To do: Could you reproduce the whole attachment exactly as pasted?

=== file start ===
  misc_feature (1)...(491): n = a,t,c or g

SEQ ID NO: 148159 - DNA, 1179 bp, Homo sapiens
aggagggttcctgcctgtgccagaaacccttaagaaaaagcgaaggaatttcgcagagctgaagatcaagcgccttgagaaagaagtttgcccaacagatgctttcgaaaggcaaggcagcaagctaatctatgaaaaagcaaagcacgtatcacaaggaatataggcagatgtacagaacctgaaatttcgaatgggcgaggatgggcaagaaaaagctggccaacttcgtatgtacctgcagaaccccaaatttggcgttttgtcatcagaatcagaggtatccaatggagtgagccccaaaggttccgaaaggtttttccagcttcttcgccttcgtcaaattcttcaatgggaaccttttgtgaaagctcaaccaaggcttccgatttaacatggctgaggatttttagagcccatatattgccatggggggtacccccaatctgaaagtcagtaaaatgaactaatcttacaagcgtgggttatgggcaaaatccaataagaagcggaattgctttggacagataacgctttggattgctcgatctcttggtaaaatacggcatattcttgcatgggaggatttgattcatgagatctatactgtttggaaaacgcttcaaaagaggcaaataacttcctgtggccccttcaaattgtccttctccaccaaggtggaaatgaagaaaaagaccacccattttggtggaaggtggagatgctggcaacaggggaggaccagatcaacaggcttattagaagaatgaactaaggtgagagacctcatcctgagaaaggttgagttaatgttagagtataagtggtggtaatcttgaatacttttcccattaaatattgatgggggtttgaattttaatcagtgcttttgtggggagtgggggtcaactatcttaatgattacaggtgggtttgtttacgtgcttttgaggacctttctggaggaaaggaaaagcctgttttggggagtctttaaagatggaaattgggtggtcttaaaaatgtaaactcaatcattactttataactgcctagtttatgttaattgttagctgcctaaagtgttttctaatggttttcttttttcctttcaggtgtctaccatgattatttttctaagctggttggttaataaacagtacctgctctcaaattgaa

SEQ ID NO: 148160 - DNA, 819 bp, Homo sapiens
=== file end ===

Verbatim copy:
  misc_feature (1)...(491): n = a,t,c or g

SEQ ID NO: 148159 - DNA, 1179 bp, Homo sapiens
aggagggttcctgcctgtgccagaaacccttaagaaaaagcgaaggaatttcgcagagctgaagatcaagcgccttgagaaagaagtttgcccaacagatgctttcgaaaggcaaggcagcaagctaatctatgaaaaagcaaagcacgtatcacaaggaatataggcagatgtacagaacctgaaatttcgaatgggcgaggatgggcaagaaaaagctggccaacttcgtatgtacctgcagaaccccaaatttggcgttttgtcatcagaatcagaggtatccaatggagtgagccccaaaggttccgaaaggtttttccagcttcttcgccttcgtcaaattcttcaatgggaaccttttgtgaaagctcaaccaaggcttccgatttaacatggctgaggatttttagagcccatatattgccatggggggtacccccaatctgaaagtcagtaaaatgaactaatcttacaagcgtgggttatgggcaaaatccaataagaagcggaattgctttggacagataacgctttggattgctcgatctcttggtaaaatacggcatattcttgcatgggaggatttgattcatgagatctatactgtttggaaaacgcttcaaaagaggcaaataacttcctgtggccccttcaaattgtccttctccaccaaggtggaaatgaagaaaaagaccacccattttggtggaaggtggagatgctggcaacaggggaggaccagatcaacaggcttattagaagaatgaactaaggtgagagacctcatcctgagaaaggttgagttaatgttagagtataagtggtggtaatcttgaatacttttcccattaaatattgatgggggtttgaattttaatcagtgcttttgtggggagtgggggtcaactatcttaatgattacaggtgggtttgtttacgtgcttttgaggacctttctggaggaaaggaaaagcctgttttggggagtctttaaagatggaaattgggtggtcttaaaaatgtaaactcaatcattactttataactgcctagtttatgttaattgttagctgcctaaagtgttttctaatggttttcttttttcctttcaggtgtctaccatgattatttttctaagctggttggttaataaacagtacctgctctcaaattgaa

SEQ ID NO: 148160 - DNA, 819 bp, Homo sapiens